Museum of Northern Arizona's Zuni festival to feature cross-cultural collaboration

25th annual event takes place May 23-24, 9 a.m.-5 p.m.

Rainbird Olla, the 2014 Zuni Festival of Arts and Culture Best in Show piece by Tim Edaakie and Bobby Silas. Submitted photo

Rainbird Olla, the 2014 Zuni Festival of Arts and Culture Best in Show piece by Tim Edaakie and Bobby Silas. Submitted photo

FLAGSTAFF, Ariz. - People can share in language, life ways and traditions of more than 50 Zuni artists at the 25th annual Zuni Festival of Arts and Culture May 23-24 from 9 a.m. - 5 p.m. at the Museum of Northern Arizona (MNA), 3101 N. Fort Valley Road in Flagstaff.

Best in Show winners for pottery from 2014 Tim Edaakie (Zuni) and Bobby Silas (Hopi) will have work at the show. Edaakie is the grandson of the late Dennis Edaakie and grandmother Nancy Edaakie, who were bird inlay jewelers. He is a member of the Frog clan from Zuni, New Mexico. Silas is from Hopi, Third Mesa Bacavi Village and is a member of the Coyote clan.

The two began collaborating about seven years ago when they were hiking around Zuni together. There they found historic and prehistoric sites with pottery sherds dating back to the Basketmaker period. Those discoveries led the two men to wonder about how that pottery was made, how the people got their clay, and how they glazed their pots.

Silas already knew how to make Hopi pottery. He was taught by his godfather. Edaakie, like his grandparents, was a silversmith, a jeweler. He was taught silversmithing by his uncles and inlay and silversmithing by his grandfather, Derrick, and inlay from his grandmother, Nancy.

"It's a big change to do pottery," Edaakie said, adding that he and Silas wanted to do natural work, with pigments that came from the land, paint that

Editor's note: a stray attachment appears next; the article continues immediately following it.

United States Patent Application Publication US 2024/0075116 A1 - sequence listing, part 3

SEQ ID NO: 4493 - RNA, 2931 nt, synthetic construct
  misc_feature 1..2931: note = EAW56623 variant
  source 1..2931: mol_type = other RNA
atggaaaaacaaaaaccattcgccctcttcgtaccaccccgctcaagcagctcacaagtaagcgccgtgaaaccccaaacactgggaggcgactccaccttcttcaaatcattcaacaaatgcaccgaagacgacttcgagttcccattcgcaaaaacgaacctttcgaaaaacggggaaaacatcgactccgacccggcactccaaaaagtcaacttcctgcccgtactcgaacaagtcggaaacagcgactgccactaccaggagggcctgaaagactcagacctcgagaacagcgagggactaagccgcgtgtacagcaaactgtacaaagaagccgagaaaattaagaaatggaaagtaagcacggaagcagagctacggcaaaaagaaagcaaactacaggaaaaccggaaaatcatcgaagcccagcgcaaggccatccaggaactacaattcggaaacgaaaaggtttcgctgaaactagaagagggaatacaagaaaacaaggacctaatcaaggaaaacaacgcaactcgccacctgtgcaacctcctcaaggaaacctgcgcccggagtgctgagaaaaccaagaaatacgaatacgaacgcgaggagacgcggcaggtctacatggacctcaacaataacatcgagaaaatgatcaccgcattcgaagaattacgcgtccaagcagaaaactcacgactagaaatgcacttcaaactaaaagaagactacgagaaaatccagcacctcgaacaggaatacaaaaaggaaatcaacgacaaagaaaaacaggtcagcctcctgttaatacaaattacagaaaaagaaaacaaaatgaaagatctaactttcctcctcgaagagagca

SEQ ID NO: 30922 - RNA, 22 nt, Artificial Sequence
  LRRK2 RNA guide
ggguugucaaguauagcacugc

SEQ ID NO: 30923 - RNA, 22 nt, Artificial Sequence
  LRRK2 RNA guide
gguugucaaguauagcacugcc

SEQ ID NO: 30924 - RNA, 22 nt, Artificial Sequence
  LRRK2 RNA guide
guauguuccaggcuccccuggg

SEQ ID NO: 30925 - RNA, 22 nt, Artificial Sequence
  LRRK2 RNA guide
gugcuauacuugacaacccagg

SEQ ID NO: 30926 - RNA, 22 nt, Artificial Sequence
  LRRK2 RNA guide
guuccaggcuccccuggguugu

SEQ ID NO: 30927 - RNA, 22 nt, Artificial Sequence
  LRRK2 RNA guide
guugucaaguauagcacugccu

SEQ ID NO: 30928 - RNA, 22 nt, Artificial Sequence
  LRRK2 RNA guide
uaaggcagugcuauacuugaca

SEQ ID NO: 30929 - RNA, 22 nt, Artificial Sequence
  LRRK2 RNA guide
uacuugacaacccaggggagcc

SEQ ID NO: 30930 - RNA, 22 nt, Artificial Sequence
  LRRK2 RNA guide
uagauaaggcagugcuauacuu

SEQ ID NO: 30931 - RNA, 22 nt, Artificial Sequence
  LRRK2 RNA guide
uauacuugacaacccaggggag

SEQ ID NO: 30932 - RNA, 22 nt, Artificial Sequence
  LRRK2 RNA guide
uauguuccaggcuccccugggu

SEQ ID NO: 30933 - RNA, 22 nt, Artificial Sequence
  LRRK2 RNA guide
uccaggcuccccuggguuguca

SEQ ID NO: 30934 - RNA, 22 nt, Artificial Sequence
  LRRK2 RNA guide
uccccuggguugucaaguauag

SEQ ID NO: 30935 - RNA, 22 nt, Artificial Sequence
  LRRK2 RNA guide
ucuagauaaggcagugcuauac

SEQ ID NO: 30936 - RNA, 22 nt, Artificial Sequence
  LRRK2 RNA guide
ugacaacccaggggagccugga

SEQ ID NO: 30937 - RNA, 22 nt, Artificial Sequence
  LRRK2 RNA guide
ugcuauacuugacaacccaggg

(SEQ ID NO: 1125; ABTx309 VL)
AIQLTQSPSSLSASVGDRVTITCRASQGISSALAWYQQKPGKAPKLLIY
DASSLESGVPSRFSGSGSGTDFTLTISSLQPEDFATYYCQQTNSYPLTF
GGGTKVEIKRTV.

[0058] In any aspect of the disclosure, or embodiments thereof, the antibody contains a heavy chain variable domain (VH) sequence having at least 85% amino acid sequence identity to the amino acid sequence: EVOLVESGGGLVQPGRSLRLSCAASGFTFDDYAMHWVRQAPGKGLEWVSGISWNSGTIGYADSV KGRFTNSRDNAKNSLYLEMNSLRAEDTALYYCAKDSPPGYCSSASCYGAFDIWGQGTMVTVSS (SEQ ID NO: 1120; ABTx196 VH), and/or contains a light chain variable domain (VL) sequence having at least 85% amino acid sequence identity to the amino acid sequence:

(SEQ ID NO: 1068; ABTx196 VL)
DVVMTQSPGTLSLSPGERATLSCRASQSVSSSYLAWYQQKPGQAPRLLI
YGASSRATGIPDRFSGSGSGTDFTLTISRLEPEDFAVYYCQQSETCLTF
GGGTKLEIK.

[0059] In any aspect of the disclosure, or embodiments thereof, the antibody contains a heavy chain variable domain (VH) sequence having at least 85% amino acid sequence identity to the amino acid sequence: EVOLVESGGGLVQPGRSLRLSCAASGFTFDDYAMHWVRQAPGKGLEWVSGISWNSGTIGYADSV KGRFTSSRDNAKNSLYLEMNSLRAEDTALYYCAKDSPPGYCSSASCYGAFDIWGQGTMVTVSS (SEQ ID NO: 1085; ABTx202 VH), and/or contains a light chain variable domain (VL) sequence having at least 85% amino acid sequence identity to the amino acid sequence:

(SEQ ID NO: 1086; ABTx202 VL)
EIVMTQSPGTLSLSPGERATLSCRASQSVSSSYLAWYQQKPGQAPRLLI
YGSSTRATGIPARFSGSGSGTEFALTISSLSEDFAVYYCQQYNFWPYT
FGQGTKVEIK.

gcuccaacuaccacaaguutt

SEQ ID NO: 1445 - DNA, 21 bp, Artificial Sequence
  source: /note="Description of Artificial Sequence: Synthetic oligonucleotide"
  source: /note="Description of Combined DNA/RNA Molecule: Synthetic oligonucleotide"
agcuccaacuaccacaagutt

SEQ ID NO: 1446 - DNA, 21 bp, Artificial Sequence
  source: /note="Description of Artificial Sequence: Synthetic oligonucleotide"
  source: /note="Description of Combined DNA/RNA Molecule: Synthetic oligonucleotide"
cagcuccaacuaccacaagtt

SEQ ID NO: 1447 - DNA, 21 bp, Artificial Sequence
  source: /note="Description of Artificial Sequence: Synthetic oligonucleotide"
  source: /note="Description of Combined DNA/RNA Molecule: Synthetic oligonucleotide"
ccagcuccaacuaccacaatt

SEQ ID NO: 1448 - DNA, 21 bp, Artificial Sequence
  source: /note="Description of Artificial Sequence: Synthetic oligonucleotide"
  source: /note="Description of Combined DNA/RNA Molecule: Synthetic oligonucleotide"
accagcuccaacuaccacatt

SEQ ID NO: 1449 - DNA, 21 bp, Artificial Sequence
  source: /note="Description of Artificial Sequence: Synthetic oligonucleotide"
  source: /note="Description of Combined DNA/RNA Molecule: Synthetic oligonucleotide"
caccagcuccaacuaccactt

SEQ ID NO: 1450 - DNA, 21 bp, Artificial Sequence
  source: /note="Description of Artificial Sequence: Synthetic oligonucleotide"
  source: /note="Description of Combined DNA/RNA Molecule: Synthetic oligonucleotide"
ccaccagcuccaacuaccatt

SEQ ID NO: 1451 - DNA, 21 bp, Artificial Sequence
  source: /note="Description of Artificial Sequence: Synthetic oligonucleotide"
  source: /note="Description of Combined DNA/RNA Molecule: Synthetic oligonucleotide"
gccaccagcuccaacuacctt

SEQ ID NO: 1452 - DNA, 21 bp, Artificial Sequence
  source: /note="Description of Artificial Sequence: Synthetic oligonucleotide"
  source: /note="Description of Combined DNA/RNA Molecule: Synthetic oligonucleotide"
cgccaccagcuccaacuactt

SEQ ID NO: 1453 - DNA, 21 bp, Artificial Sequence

is mixed from natural ingredients. The elements in their work come from both Hopi and Zuni.

An ethnological film from Zuni from the early 1900s showing an older lady making pottery inspired the two men even more. Silas studied everything about how the woman made the pots from beginning to end.

Silas spent a month creating the Best in Show piece for the Zuni Fest last year. It was the largest piece he had completed. It took Edaakie about two weeks to paint it.

He said they originally had been skeptical about going to the show because they didn't have a lot of pieces.

"We weren't expecting anything at all," Edaakie said. "We took a chance. It just blew our minds."

The two are trying to revive Zuni pottery where everything is natural and in the old style of making pottery -from firing the pots outside, to firing the pots upside down, to the designs and the shapes and forms on each pot. Silas said each pot was designed for a purpose, each shape had a reason and each design means something.

"When you look at these pots, the necks have slants in them and if you sit there and really look at it and wonder why the pots are shaped like that, you can tell that the people were actually really intelligent and smart to create necks and certain parts of the pot to prevent spills, to hold liquids," Silas said. "When you look at the pot you can see why they are shaped like that."

Silas and Edaakie love the old style because it carries on traditional ways of doing things that are important to both of their cultures and brings back pots that many people have not seen before.

"A lot of older work, especially prehistoric from the Zuni area, that is what our main focus is, to recreate vessels that were unearthed here in Zuni," Edaakie said.

Silas said that new, younger artists should take a chance on shows like the Zuni Fest.

"It is something that can help benefit them in their art and their name and whatever they are trying to do with their art," Silas said. "To us now, it is just do it. You never know the outcome."

More information on the 25th Annual Zuni Festival of Arts & Culture, including a schedule of events and participating artists, is available by visiting musnaz.org or calling (928) 774-5213.

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